A proposal that would alter the rate at which rooftop solar customers are credited for the excess energy going to Rocky Mountain Power survived a legislative committee hearing Thursday, but it is clear questions remain.
SB189, sponsored by Sen. Wayne Harper, R-Taylorsville, passed on a 4-2 vote out of the Senate Transportation, Public Utilities, Energy and Technology Committee and will get a debate before the full Senate.
Harper explained the bill brings certainty to rooftop solar customers about what energy credit they can expect from year to year, which now varies. It caps that export credit rate at 84% of the actual customer cost per kilowatt.
That compensation rate can vary from year to year, Harper said, and is a deterrent for would-be adopters of rooftop solar.
“This bill really deals with a couple things. It deals with predictability, reliability, continuity. It assists customers in Rocky Mountain Power to make their best decisions for themselves and their homes,” he said.
Harper said the measure was worked on for months over the summer and concedes there remains disagreement.
“I apologize for that,” he said.
At the same time, he said rooftop solar customers deserve certainty and especially for potential customers who have difficulty in determining if the choice is fiscally sound moving forward.
Sarah Wright, executive director of Utah Clean Energy, said rooftop solar provides important benefits to the grid, helps the utility company avoid certain infrastructure costs by providing locally-generated energy and is a renewable resource that helps in Utah’s attempts to diversify its energy portfolio.
“I’ve had some really smart people in Utah call me and say, ‘Sarah, I’m smart. I should be able to figure out the economics of putting in the system,’ but because the rate changes every year, and because you don’t know when you’re sending it to the grid, it’s really hard.”
The bill does not affect customers grandfathered into the net metering system in place prior to 2017 and are compensated on a 1-to-1 ratio.
According to the clean energy organization, Rocky Mountain Power charges its customers about 10 cents for every kilowatt-hour the utility provides, but it only credits Utah solar owners around 50% of that rate, around 5 cents, for each kilowatt-hour they send to the grid.
Harper said the bill will guarantee that residential and small commercial solar customers served by a utility with 200,000 customers or more receive a bill credit that is at least 84% of the actual customer cost per kilowatt.
Representatives of several solar companies argued in favor of the bill and said the uncertainty is dissuading the pursuit of rooftop solar in Utah.
Bryson Garbett. president and chief executive officer of Garbett Homes, said the fluctuating rate has made it financially unfeasible to pursue rooftop solar.
“We build about 300 homes every year. And we used to put solar as standard on our homes and our apartments back when it was 1-to-1 net metering amount. (When it was changed) we had to do away with our program because it no longer worked economically and it was no longer feasible and make any sense to put solar on a home.”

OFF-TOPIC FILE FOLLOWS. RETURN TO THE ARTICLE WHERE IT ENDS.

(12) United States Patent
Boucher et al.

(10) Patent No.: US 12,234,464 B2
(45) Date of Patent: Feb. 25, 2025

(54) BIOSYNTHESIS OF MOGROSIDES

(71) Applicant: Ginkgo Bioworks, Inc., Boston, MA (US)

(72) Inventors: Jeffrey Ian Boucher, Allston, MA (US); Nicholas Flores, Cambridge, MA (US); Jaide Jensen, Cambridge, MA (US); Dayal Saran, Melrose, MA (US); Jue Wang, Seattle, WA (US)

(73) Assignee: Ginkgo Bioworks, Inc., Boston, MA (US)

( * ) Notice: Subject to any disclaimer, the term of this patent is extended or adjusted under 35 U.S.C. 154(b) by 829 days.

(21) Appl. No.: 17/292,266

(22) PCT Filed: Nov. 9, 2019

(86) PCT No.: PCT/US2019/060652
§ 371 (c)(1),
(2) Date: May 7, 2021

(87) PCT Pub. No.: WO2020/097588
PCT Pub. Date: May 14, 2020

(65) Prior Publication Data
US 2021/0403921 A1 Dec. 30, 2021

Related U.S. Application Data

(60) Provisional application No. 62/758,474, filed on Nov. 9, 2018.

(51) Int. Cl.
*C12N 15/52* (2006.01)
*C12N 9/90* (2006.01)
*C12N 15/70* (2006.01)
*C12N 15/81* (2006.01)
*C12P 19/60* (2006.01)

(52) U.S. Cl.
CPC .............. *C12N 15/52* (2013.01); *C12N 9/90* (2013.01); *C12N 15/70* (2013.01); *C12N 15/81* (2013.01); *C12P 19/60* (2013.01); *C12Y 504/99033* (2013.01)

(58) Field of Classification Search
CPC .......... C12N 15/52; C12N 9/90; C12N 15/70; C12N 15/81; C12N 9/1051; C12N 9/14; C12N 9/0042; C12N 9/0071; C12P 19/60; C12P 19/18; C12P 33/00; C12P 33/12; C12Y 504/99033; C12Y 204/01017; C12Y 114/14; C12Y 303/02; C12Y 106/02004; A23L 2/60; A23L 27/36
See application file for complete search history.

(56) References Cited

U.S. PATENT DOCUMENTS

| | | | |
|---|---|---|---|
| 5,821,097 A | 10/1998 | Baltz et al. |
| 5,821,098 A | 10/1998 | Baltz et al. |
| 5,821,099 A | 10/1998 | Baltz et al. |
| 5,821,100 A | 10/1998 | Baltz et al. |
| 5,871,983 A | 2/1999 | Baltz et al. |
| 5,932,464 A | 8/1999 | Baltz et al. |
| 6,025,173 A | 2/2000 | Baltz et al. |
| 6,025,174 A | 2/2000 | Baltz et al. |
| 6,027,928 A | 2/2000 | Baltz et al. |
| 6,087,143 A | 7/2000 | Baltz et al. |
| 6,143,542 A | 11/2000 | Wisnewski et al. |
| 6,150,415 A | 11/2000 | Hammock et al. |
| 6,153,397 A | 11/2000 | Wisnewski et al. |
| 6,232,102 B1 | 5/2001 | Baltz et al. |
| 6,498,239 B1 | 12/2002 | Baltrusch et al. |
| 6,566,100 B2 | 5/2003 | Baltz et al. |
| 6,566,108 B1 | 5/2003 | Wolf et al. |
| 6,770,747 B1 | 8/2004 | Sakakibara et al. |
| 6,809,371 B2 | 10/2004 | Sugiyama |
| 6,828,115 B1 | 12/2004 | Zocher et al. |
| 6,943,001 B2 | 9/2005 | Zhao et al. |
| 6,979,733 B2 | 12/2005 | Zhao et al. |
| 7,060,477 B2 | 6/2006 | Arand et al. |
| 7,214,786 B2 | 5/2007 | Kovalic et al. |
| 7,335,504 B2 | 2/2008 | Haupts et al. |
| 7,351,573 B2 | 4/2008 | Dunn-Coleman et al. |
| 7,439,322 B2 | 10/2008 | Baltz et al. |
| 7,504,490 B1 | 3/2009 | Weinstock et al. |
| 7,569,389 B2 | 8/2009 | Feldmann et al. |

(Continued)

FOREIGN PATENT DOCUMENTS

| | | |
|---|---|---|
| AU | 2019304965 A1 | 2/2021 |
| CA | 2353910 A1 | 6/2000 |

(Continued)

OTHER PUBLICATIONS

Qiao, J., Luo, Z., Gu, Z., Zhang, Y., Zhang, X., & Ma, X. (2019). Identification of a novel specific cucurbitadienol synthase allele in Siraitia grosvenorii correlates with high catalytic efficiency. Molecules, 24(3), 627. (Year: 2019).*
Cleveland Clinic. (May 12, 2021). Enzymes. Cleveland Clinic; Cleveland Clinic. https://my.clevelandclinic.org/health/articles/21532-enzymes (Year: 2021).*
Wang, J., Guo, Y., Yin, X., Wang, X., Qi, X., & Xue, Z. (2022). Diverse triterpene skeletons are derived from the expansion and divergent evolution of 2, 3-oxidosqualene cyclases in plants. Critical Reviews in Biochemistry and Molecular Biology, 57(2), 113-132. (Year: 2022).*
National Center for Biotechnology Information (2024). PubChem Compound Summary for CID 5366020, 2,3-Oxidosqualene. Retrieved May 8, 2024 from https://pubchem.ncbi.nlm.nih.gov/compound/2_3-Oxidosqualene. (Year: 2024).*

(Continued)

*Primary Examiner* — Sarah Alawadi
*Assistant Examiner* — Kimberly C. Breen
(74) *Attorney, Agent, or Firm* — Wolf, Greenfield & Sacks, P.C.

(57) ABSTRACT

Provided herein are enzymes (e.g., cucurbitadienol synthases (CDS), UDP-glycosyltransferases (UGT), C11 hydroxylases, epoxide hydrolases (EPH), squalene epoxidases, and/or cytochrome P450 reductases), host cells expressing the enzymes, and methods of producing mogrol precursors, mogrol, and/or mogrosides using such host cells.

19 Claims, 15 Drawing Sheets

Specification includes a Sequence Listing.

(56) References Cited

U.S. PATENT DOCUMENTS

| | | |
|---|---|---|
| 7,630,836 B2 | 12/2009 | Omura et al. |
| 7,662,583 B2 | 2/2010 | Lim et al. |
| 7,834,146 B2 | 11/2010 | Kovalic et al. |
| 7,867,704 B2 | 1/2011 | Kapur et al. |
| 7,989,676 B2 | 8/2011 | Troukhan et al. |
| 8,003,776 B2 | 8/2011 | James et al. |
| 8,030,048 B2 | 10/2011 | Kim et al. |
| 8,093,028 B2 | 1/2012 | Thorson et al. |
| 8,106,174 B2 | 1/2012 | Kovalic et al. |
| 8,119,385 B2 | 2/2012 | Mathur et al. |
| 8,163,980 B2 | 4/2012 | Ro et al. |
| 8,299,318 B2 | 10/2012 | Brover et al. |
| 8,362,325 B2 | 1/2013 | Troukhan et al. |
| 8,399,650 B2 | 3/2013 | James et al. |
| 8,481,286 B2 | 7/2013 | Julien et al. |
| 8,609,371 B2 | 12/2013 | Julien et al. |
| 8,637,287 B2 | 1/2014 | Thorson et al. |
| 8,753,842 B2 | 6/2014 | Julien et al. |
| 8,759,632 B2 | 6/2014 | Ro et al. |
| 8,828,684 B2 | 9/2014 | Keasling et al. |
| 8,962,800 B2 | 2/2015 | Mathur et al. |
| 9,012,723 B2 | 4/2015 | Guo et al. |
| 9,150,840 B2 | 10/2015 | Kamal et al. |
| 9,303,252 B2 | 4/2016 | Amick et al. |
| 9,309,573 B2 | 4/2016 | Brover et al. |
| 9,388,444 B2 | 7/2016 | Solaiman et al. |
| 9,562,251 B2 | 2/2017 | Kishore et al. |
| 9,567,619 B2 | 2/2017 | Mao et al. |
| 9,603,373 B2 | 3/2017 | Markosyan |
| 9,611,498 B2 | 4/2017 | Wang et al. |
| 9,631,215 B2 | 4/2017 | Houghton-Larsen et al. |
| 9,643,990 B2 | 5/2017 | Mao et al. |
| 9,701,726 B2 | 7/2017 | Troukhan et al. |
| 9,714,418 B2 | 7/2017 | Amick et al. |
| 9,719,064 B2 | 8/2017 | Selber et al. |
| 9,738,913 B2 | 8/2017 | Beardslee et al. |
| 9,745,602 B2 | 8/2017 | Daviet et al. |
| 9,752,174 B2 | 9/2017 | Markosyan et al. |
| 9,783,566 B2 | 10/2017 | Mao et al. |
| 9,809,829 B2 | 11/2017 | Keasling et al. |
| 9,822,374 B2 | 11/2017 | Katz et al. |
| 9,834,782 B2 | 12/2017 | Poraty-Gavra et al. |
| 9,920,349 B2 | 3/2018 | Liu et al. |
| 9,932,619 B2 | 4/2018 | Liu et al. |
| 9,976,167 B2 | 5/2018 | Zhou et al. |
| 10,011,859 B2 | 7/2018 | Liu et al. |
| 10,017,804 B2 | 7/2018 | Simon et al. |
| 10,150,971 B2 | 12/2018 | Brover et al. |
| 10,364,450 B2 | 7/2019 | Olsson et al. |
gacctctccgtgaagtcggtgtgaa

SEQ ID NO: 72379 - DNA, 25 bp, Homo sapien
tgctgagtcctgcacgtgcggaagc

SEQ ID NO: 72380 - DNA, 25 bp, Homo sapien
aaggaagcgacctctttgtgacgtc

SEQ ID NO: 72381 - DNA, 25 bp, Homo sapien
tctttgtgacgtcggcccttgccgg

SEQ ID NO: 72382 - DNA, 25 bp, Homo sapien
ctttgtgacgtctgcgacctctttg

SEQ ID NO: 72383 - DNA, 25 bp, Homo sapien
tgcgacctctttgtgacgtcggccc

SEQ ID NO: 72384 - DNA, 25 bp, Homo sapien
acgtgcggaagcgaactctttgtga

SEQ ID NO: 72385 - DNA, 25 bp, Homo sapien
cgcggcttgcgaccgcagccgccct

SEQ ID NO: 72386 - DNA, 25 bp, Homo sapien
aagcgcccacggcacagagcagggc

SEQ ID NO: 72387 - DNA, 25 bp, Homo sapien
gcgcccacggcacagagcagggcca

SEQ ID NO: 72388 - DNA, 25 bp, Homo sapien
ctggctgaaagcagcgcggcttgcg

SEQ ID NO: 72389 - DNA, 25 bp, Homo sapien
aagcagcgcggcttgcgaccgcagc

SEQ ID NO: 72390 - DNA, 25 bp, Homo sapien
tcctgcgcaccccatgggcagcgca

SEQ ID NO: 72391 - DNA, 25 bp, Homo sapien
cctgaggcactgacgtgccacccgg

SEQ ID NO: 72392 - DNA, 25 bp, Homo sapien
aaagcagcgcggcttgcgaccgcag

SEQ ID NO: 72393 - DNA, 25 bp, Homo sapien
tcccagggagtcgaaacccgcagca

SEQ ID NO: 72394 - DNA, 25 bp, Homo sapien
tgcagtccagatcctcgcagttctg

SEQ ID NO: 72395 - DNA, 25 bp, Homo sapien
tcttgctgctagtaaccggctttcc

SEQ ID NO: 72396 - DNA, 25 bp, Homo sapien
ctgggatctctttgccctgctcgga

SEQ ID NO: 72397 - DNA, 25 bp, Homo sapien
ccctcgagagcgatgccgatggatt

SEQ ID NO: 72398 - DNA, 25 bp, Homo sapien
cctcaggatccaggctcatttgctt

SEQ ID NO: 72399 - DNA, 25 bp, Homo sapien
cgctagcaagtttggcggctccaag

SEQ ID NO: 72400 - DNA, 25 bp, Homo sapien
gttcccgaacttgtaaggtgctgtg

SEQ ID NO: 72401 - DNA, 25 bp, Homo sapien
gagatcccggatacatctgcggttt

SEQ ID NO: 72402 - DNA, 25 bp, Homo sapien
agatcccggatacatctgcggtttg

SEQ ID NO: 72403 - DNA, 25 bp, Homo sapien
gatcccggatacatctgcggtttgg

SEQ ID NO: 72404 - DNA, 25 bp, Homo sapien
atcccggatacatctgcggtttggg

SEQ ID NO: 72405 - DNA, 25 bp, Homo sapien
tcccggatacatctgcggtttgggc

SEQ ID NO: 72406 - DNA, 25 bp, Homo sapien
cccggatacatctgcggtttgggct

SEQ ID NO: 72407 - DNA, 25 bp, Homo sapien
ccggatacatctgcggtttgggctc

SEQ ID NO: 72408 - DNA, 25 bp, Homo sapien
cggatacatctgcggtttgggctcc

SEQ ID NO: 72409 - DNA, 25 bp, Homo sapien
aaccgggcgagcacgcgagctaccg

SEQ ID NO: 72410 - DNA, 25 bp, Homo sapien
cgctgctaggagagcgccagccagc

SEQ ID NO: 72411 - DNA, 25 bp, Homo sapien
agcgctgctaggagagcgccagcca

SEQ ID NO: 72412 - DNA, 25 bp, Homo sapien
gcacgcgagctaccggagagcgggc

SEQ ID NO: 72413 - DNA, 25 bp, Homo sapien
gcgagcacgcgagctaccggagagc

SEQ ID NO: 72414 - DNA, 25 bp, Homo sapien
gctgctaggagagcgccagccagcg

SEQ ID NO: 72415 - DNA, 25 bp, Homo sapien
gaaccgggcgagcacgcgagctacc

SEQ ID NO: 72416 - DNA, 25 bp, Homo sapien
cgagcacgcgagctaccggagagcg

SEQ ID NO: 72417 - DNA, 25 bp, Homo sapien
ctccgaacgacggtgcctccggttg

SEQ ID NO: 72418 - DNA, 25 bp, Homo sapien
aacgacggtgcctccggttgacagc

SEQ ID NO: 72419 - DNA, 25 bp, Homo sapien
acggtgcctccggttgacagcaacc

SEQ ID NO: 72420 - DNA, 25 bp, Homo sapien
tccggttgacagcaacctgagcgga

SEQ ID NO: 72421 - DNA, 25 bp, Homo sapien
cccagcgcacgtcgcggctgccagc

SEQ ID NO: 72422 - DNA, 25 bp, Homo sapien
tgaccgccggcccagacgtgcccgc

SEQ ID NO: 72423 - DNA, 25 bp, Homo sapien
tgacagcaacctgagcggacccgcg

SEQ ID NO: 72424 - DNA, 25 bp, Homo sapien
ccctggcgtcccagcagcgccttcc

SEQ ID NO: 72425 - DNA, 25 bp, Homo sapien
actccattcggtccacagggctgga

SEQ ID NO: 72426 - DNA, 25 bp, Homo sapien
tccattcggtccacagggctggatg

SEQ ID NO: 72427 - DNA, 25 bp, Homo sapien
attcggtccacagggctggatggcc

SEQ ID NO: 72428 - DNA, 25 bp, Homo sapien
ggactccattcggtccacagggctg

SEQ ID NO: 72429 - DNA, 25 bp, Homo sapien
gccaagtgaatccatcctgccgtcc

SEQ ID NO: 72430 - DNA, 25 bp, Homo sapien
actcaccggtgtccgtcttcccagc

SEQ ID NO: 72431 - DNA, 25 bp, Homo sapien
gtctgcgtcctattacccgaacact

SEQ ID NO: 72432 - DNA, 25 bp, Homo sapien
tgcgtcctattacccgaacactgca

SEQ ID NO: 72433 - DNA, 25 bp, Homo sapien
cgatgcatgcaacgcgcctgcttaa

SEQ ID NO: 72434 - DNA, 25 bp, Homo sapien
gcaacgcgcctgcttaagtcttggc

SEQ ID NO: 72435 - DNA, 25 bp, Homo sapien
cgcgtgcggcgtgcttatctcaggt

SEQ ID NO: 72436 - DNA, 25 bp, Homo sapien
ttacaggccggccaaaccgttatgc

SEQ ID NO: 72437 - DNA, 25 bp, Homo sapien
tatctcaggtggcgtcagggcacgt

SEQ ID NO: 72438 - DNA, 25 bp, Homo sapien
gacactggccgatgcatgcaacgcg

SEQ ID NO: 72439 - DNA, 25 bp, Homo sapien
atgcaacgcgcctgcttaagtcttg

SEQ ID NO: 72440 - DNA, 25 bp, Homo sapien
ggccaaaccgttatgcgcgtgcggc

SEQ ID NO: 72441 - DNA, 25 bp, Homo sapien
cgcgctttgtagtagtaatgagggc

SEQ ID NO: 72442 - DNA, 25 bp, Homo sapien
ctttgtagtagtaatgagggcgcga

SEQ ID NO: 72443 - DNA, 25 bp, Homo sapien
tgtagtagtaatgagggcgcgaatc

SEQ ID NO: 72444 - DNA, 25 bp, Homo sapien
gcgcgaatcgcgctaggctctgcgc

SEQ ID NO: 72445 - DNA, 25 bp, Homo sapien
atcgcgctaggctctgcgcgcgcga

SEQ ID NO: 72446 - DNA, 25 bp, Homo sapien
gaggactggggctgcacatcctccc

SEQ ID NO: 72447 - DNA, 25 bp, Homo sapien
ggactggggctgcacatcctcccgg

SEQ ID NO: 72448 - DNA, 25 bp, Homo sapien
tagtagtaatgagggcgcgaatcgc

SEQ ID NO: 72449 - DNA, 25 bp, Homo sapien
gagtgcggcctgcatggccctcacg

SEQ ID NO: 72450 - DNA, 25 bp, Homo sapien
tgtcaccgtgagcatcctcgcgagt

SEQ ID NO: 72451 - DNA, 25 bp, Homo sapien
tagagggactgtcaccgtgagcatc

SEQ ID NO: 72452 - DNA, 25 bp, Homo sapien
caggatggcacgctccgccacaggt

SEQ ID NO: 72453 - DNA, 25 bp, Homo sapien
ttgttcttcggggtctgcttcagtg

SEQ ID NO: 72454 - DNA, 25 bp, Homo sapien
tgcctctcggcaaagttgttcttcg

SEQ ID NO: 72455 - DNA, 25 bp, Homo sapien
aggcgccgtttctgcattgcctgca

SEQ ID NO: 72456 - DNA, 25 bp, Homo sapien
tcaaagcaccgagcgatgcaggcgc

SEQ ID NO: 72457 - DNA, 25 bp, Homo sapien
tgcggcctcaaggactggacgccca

But Jon Cox, with Rocky Mountain Power, said that extra mandated bump in the export credit as outlined in the legislative proposal runs counter to the energy market economics and would force the utility to purchase that excess solar from customers at a rate that represents a direct “pass through” to other customers.
The utility company can purchase energy on the open market for about 3 cents per kilowatt compared to 9 cents, which the bill calls for.
“And as a utility provider, we’re just trying to provide a reliable system that is the lowest cost to our customers.”
But Stan Holmes, with Utah Citizens Advocating for Renewable Energy, said the current system is broken.
“We appreciate the SB189 sponsor’s recognition that Utah’s current net metering situation is fraught with flaws, harms the solar business community and does not serve the public’s best interests,” he said. “SB189 offers an opportunity to set things right to engage the public and is a renewed overdue discussion of the benefits distributed generation electricity brings to ratepayers and the general public and Utah.”
Michelle Beck, director of the Utah Office of Consumer Affairs, argued the measure sets up an unfair system for non solar customers.
“... This is a subsidy. Because the way it is set up, it’s going straight to other customers.”
Utah Clean Energy and others argued the measure does not equal a subsidy.
While customers paid Rocky Mountain Power an average of about 10 cents per kilowatt-hour in 2023, Rocky Mountain Power credited solar customers only about 5 cents per kilowatt-hour of solar energy exported to the grid during 2023, the group said.
Harper said he’d never seen an instance in which net metering for solar was used as a basis by Rocky Mountain Power to justify a rate case before the Utah Public Service Commission.